Even industry experts admit that open DXPs offer a more reliable CX proposition for organisations, with Forrester stating that native solutions win easily in DXPs as “products joined by mergers and acquisitions frustrate customers because they have to force-fit the product integrations.” Instead, open DXPs take the approach of embracing, rather than trying to reinvent, best-of-breed solutions and allow marketers to adopt and integrate the very latest digital tools to keep up to date with CX expectations.
Top 5 Benefits of an Open DXP
- Multi-experience – Keeping up to date with emerging technologies isn’t easy. Many of the technologies we deem essential in a DXP today, were fledgling concepts five years ago. Furthermore, “By 2021 at least one-third of enterprises will have deployed a multi-experience development platform to support mobile, web, conversational and augmented reality development” (Gartner). Instead of hoping that today’s DXP purchase will deliver tomorrow’s experiences, an open DXP enables you to embrace innovative new tools, channels and mediums as they become available.
- Best of breed – The ability to integrate your DXP with the latest, most innovative digital tools will effectively keep your platform at the cutting-edge of CX capabilities. Instead of attempting to be a ‘jack-of-all-martech’, open DXP solutions focus on being the best at connecting the customer experience and integrating with the best possible tools to enable that. Squiz DXP currently offers a library of more than 100 integrations, including new releases such as Mixpanel and Hotjar.
- Cost and consistency – With budgets under more scrutiny than ever, putting forward a business case or calculating ROI for a new DXP is commonplace in most industries, particularly government and the public sector. A big factor in ROI is ongoing costs – which is where closed DXPs often start to spiral. In fact, Gartner predicts that, through 2021, 85% of the effort and cost involved in a DXP program will be spent on integrations with internal and external systems, including the DXP’s own, built-in capabilities (CMSWire). At last year’s Squiz Summit, Squiz’s Chief Product Officer, Matthew Adney, revealed its plans to cut the cost of integrations by 50%.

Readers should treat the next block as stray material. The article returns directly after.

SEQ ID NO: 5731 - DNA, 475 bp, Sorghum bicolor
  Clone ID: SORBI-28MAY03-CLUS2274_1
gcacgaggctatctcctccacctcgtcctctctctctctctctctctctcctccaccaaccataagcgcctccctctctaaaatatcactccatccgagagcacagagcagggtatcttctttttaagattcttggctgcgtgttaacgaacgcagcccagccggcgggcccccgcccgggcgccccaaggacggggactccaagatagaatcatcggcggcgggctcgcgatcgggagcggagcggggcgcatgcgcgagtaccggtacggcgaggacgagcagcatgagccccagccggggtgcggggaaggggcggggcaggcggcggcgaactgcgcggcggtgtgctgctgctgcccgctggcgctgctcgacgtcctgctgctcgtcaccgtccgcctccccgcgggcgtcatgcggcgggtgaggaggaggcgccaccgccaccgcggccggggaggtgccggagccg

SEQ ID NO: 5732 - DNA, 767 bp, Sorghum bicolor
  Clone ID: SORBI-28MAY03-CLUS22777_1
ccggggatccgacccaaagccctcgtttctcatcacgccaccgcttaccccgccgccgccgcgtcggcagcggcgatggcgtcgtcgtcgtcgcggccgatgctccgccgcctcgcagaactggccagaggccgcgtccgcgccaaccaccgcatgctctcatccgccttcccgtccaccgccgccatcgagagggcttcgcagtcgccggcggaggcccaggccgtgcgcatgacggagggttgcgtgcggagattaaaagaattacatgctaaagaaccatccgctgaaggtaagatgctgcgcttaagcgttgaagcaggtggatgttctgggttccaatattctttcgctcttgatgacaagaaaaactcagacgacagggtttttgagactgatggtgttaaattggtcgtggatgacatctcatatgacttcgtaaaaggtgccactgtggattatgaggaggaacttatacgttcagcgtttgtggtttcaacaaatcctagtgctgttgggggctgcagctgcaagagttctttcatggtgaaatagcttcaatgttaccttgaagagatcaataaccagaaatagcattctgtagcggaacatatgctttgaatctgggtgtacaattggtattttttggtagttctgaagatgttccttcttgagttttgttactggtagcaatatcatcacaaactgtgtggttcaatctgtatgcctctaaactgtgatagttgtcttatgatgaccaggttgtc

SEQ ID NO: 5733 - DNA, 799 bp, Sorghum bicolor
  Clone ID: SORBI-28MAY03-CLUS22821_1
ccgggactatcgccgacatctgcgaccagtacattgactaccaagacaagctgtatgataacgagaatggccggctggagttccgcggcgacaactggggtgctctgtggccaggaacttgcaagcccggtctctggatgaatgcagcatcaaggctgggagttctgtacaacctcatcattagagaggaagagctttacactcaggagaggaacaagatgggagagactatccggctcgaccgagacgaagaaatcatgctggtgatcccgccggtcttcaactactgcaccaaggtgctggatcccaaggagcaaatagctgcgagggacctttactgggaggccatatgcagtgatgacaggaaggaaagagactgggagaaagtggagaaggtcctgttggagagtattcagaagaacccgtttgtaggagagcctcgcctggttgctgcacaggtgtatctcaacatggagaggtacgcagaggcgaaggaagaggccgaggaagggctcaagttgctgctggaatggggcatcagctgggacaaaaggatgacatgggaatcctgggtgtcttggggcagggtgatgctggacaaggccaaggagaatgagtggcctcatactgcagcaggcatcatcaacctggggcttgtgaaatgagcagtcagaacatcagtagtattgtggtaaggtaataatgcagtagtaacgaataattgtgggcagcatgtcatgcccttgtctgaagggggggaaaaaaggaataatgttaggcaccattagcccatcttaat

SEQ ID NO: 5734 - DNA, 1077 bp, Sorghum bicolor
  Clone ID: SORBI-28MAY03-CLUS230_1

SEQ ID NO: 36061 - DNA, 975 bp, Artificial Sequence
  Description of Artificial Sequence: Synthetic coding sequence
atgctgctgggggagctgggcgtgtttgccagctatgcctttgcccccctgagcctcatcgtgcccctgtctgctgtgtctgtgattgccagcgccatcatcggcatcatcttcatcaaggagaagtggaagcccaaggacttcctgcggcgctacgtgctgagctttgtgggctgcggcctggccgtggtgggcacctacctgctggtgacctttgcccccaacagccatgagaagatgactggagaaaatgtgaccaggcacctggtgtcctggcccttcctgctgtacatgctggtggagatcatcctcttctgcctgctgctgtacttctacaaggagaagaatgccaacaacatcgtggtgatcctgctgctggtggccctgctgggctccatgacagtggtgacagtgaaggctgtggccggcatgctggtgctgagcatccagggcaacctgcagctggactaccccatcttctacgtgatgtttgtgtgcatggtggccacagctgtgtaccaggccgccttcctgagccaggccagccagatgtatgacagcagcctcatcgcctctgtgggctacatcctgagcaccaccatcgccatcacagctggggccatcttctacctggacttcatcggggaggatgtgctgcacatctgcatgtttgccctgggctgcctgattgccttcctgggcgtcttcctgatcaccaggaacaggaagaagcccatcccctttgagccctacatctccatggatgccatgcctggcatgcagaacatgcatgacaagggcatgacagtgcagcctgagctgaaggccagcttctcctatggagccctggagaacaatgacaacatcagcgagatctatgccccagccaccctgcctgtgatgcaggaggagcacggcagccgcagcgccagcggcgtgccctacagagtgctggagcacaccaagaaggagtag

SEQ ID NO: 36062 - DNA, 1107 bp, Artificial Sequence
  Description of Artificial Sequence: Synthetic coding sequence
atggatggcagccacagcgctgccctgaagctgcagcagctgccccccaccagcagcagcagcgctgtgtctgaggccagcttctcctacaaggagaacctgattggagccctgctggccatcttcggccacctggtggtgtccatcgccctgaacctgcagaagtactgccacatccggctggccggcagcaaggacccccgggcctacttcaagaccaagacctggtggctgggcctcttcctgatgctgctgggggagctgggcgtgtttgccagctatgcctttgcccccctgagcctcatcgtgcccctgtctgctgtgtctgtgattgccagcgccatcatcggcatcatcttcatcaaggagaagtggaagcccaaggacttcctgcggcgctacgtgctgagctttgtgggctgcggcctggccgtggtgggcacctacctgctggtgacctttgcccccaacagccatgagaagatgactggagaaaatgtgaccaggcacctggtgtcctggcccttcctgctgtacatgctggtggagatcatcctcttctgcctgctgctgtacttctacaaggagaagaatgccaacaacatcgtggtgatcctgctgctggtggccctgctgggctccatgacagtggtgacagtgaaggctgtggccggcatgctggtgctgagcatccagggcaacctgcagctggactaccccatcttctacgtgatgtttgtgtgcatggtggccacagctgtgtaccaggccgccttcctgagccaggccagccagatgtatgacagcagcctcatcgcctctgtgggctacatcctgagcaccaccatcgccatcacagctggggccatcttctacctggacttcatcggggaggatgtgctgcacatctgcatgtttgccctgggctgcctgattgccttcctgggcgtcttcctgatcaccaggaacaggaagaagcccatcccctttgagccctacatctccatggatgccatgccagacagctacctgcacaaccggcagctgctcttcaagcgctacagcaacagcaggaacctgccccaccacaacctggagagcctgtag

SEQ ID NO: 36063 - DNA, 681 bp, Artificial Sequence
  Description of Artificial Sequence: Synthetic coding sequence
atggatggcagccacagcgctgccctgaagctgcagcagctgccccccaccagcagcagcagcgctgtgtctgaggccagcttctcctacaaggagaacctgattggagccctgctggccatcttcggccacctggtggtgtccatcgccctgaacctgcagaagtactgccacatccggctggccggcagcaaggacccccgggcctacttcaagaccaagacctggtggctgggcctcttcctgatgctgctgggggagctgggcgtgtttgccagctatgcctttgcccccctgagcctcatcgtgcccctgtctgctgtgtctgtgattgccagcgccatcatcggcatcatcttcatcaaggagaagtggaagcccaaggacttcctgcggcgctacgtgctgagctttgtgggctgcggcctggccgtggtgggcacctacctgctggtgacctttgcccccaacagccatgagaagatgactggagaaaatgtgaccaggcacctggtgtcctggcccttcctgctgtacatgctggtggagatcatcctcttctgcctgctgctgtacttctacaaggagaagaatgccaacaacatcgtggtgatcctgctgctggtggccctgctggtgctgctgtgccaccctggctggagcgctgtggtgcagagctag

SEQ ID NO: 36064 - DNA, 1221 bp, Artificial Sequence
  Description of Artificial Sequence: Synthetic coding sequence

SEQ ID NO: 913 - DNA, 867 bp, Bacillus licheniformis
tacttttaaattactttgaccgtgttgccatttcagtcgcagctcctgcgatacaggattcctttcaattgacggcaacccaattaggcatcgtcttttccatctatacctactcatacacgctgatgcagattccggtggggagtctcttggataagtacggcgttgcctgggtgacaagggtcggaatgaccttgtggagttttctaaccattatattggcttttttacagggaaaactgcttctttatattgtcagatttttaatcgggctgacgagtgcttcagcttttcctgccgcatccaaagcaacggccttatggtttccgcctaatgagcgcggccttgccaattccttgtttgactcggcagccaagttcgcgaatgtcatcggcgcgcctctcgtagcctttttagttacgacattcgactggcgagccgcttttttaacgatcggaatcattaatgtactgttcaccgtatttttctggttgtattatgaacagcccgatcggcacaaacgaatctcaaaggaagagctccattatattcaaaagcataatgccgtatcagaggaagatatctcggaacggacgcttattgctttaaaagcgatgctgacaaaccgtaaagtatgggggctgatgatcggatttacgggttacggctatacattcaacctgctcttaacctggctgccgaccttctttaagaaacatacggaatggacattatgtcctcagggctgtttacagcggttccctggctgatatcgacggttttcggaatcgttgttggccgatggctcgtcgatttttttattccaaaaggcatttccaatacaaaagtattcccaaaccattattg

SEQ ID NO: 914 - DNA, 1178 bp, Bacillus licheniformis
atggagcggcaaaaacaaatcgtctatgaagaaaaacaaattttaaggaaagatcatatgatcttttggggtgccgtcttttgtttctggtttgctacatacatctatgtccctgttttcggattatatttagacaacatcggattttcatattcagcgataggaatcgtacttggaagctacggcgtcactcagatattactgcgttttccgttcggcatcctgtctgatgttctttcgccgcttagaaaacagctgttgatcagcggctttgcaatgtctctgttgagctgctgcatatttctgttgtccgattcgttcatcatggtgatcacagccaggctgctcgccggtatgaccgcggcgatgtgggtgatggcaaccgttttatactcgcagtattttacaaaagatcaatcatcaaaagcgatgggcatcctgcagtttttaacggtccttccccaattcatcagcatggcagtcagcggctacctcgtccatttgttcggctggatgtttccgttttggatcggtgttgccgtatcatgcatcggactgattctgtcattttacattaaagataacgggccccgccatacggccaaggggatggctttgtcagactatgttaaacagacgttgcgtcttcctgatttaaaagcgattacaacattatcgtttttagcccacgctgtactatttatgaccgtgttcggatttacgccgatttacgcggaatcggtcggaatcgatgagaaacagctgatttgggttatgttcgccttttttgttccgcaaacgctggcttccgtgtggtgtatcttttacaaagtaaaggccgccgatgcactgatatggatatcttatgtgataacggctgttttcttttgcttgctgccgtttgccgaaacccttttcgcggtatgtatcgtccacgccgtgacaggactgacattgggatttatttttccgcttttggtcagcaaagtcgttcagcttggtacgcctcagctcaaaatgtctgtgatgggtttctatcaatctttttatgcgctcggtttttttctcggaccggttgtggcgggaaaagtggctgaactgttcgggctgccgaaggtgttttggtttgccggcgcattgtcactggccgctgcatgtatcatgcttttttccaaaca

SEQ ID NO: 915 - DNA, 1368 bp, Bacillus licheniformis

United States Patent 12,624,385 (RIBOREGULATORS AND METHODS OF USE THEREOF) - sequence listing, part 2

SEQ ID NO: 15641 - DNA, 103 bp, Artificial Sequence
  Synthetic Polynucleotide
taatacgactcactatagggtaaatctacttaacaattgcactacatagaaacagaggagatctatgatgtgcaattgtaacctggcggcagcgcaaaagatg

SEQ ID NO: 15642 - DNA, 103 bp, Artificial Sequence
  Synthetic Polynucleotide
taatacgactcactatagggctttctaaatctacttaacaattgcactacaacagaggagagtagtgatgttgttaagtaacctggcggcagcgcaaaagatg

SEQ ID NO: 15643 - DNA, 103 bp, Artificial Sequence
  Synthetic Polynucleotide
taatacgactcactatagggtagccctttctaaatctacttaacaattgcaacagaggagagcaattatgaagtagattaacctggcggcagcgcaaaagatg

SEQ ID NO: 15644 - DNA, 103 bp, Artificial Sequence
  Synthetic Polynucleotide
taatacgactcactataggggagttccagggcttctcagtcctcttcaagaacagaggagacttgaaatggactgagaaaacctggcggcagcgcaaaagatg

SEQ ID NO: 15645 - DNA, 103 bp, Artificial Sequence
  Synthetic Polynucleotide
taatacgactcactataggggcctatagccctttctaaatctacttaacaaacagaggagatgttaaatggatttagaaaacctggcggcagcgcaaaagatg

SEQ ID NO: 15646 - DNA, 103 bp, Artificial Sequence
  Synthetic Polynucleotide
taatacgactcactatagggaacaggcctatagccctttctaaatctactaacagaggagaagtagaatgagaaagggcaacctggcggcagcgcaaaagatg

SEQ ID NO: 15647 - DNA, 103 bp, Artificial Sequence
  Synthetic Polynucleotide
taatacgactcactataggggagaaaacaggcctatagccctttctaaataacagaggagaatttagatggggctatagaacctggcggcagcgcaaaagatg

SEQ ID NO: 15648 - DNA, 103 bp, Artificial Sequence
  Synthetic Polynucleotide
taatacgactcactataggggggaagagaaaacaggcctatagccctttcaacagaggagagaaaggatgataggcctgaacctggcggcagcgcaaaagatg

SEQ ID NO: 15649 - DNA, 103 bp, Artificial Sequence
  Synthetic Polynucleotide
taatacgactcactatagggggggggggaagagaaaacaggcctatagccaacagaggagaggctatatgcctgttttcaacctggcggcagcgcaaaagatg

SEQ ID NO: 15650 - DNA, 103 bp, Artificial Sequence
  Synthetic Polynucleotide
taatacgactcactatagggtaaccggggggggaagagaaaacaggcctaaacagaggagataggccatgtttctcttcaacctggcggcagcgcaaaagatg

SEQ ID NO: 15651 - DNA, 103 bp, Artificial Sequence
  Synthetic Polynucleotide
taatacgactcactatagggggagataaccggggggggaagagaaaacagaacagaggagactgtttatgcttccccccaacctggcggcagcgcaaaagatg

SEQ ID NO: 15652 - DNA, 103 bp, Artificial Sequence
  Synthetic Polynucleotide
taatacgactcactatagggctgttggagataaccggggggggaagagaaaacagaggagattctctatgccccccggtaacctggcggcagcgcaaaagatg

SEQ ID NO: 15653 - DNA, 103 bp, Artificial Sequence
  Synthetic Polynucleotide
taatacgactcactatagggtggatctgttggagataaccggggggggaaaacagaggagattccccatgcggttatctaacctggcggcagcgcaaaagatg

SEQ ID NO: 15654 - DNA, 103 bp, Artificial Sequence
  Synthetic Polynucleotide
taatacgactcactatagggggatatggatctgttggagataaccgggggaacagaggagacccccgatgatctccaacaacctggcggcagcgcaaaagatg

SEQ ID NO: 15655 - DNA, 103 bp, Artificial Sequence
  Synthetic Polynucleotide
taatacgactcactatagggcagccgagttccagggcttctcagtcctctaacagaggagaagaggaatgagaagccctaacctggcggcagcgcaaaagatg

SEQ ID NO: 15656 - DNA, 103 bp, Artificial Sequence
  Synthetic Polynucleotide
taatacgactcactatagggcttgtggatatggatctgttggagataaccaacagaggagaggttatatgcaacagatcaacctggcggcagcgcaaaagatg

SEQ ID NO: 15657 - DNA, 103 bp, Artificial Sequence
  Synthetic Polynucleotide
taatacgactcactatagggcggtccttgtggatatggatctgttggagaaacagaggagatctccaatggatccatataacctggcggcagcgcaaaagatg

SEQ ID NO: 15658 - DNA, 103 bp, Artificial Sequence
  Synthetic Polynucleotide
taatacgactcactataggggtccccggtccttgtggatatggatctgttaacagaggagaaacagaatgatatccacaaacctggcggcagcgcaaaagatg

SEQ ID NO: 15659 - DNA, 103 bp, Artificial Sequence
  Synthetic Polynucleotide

- Agility – Decreasing time to market is key to improving CX. The ability to identify a customer need and provide a solution that meets it - quickly - directly impacts an organisation’s ability to compete. Speed is the reason that “By 2024, low-code application development will be responsible for more than 65% of application development activity” (Gartner). Closed DXP buyers are often left trying to custom-build integrations which are, as discussed, costly but also extremely time-consuming.
- Freedom to innovate – If you can integrate with almost any martech systems to grow and improve your CX capabilities, you have more choice and control over what your CX looks like. Rather than being restricted by what your closed DXP can offer, you can decide which tools will offer customers what they need – and have the freedom to use them as part of your DXP.
Closed DXPs try (and often fail) to piece together all the parts under one roof, resulting in undue complexity and high cost of ownership. The concept of a single vendor DX, while tempting, is simply unrealistic. In fact, a recent report revealed that many IT leaders consider the scope of DX to be too broad to be achieved by a single vendor and the concept itself to be ‘aspirational’ (DCG Research).
Open DXPs, such as Squiz, offer an environment that allows easier system and data integration with other CX technology while accelerating and simplifying the process of orchestrating, creating, managing and delivering omnichannel digital experiences, built on customer insight. In fact, Squiz Connect was designed explicitly to rapidly integrate data and capabilities from your DX ecosystem into Squiz DXP - reducing integration time and costs by up to 50%.
Ultimately, the future is unknowable – which is why open DXPs are becoming the only choice for many organisations. For more information on the Squiz DXP visit squiz.net/dxp.